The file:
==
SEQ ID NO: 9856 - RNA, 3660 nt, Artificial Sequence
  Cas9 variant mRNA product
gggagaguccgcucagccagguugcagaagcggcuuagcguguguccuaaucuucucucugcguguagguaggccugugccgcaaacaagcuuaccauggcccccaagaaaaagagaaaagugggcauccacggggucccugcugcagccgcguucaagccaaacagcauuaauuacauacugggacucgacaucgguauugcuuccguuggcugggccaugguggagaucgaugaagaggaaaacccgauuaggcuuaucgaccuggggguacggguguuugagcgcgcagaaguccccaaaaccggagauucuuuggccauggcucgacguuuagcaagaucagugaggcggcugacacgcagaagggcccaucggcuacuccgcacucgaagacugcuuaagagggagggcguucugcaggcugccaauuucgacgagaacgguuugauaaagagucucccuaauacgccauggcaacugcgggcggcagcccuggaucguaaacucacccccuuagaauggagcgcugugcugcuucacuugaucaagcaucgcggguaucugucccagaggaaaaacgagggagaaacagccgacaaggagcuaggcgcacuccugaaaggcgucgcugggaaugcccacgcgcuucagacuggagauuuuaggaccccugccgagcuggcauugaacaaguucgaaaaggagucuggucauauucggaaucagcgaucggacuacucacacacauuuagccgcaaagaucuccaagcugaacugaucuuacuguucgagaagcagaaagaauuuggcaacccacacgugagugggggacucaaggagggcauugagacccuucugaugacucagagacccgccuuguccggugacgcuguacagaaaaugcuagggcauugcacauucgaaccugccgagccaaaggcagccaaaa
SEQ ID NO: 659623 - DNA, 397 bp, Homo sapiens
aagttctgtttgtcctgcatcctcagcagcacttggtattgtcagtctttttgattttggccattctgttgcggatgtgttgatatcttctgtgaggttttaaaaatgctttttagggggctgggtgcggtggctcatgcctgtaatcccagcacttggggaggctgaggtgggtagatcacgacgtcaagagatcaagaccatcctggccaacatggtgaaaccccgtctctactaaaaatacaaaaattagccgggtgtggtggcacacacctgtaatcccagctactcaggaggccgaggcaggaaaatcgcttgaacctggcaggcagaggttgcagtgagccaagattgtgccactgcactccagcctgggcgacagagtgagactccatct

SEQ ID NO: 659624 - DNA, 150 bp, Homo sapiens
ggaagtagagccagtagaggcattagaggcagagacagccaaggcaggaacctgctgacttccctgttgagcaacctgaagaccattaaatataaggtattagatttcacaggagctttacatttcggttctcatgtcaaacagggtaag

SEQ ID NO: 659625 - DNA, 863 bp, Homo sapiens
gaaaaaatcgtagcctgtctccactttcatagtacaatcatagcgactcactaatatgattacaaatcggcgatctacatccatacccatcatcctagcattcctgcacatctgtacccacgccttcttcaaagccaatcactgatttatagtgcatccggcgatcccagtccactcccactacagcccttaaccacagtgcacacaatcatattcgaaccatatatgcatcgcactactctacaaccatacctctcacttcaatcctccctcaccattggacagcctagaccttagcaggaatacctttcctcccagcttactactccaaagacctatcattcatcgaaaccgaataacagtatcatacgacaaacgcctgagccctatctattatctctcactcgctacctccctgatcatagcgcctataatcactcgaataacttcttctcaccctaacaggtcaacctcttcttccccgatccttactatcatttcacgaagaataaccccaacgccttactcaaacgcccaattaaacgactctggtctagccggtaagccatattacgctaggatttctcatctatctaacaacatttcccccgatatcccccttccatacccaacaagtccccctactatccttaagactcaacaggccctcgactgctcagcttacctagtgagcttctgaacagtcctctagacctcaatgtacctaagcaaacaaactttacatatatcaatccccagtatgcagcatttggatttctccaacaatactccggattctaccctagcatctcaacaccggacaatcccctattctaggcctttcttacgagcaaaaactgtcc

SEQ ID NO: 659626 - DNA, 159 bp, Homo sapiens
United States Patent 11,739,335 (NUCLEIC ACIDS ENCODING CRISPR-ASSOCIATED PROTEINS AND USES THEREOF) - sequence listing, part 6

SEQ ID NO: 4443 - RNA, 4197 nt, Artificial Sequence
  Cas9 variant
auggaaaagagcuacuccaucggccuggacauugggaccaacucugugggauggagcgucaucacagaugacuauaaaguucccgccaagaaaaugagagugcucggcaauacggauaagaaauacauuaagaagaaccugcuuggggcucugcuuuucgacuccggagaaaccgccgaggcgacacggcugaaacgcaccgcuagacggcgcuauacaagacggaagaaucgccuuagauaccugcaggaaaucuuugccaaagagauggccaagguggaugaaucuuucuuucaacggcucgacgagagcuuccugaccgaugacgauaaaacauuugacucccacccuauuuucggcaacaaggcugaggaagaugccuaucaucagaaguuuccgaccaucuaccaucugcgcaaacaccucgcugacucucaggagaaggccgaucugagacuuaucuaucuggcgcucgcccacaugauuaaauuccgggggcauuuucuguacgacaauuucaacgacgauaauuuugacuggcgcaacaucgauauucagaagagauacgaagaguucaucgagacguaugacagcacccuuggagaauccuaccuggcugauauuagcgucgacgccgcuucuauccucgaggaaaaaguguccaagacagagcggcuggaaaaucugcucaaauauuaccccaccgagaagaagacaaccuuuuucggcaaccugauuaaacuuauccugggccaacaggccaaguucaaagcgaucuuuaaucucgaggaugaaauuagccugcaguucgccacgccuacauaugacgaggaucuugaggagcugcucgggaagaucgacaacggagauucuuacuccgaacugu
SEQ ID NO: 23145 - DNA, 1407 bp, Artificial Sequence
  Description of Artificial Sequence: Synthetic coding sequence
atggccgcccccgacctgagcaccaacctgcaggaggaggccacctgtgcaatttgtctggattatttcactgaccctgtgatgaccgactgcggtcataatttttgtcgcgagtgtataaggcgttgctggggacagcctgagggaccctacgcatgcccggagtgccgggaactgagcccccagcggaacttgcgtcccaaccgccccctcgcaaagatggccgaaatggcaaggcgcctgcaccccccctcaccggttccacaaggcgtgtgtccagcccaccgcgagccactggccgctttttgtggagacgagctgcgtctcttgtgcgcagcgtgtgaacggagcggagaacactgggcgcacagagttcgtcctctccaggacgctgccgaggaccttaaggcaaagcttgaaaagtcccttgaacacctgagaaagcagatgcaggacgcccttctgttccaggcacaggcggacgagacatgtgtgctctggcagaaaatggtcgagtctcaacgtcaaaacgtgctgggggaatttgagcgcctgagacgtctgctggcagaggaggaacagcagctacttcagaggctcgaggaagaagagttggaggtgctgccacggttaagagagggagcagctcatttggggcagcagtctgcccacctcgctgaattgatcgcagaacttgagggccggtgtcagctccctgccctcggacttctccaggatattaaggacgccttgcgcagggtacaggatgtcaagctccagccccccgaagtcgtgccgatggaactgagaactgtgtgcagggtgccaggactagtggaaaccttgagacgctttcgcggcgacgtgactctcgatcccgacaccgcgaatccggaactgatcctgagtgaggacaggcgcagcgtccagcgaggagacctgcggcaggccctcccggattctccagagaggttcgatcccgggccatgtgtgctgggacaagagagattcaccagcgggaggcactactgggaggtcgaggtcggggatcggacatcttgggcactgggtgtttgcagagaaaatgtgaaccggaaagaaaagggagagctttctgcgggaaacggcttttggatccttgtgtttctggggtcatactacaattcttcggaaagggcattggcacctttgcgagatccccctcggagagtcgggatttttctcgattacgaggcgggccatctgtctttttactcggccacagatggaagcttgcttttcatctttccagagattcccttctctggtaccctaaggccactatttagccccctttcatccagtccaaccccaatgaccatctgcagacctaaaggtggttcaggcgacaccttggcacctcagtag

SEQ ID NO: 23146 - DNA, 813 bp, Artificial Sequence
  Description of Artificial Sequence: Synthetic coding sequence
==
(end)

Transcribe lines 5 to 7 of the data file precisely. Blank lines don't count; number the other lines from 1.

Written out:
aagttctgtttgtcctgcatcctcagcagcacttggtattgtcagtctttttgattttggccattctgttgcggatgtgttgatatcttctgtgaggttttaaaaatgctttttagggggctgggtgcggtggctcatgcctgtaatcccagcacttggggaggctgaggtgggtagatcacgacgtcaagagatcaagaccatcctggccaacatggtgaaaccccgtctctactaaaaatacaaaaattagccgggtgtggtggcacacacctgtaatcccagctactcaggaggccgaggcaggaaaatcgcttgaacctggcaggcagaggttgcagtgagccaagattgtgccactgcactccagcctgggcgacagagtgagactccatct

SEQ ID NO: 659624 - DNA, 150 bp, Homo sapiens
ggaagtagagccagtagaggcattagaggcagagacagccaaggcaggaacctgctgacttccctgttgagcaacctgaagaccattaaatataaggtattagatttcacaggagctttacatttcggttctcatgtcaaacagggtaag